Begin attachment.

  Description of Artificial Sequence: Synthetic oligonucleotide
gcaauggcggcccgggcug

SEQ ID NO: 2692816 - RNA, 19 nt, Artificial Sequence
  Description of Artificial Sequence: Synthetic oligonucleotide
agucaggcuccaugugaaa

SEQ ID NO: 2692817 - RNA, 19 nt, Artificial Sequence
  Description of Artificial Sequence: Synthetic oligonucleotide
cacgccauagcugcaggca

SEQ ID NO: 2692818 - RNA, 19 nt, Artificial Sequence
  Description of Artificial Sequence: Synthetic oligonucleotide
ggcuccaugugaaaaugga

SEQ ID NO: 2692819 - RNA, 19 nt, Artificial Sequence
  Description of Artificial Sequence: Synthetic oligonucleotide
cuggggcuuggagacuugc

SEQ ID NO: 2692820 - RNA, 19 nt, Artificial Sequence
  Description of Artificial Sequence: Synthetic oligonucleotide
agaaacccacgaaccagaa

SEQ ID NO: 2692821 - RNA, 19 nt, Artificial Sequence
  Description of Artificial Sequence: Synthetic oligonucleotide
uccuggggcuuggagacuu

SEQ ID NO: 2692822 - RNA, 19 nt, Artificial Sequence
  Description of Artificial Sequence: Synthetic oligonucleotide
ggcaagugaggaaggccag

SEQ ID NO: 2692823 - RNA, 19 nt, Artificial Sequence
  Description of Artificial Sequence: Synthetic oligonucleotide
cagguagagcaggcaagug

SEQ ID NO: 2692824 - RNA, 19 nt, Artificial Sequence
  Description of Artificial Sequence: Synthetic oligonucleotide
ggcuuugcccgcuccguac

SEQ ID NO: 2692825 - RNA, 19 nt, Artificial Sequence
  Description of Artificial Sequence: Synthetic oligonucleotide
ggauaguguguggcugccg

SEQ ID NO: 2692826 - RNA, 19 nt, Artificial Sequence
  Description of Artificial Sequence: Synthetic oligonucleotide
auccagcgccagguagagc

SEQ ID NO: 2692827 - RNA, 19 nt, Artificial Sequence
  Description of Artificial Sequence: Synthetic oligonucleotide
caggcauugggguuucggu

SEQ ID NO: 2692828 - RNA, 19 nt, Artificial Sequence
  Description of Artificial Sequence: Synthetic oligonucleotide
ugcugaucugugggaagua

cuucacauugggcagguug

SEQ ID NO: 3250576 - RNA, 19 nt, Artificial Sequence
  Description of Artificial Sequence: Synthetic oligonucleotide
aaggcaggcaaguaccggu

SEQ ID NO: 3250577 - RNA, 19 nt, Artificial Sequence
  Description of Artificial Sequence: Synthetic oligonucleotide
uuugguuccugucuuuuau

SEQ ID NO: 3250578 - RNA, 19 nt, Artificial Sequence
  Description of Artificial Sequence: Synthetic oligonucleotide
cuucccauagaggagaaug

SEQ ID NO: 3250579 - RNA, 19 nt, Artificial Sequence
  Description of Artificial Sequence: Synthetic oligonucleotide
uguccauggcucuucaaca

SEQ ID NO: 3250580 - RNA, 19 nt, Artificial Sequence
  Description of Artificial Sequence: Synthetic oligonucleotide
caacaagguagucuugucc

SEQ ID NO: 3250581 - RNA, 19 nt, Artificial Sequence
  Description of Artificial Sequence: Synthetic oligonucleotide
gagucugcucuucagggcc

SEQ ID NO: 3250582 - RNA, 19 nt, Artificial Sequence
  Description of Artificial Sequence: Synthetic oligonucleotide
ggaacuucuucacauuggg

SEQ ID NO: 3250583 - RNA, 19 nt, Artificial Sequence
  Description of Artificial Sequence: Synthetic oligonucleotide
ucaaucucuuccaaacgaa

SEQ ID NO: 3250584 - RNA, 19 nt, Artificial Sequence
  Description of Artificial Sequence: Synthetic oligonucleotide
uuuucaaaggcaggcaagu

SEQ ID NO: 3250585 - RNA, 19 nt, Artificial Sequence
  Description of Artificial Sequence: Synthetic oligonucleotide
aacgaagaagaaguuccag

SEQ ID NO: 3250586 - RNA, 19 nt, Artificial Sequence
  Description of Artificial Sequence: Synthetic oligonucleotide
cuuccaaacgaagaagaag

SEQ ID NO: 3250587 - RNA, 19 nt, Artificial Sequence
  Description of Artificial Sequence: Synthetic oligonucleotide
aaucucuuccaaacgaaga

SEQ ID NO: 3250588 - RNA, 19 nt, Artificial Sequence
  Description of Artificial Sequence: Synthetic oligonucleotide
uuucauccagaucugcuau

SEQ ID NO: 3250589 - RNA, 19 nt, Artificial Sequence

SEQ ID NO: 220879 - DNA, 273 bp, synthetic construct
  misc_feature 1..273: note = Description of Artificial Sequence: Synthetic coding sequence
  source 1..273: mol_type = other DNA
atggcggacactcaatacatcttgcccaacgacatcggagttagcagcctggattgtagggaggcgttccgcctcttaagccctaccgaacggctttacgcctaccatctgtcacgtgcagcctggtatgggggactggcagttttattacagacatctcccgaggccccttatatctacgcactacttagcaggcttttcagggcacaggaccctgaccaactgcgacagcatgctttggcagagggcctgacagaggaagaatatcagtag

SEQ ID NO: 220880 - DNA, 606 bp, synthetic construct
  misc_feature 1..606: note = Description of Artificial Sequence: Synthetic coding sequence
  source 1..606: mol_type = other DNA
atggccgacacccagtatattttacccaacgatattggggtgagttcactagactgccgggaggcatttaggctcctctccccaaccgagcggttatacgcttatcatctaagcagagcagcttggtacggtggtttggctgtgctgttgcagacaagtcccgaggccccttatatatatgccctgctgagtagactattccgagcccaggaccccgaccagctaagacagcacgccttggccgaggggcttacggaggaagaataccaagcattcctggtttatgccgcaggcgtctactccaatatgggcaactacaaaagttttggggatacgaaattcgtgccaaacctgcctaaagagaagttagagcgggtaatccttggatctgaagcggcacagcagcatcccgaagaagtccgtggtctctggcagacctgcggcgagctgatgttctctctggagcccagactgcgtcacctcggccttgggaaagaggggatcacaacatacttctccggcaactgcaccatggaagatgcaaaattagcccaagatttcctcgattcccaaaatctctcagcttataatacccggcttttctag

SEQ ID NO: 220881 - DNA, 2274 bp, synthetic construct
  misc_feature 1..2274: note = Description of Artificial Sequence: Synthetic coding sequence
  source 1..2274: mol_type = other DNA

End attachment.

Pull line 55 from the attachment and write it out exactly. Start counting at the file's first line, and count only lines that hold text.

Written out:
SEQ ID NO: 3250580 - RNA, 19 nt, Artificial Sequence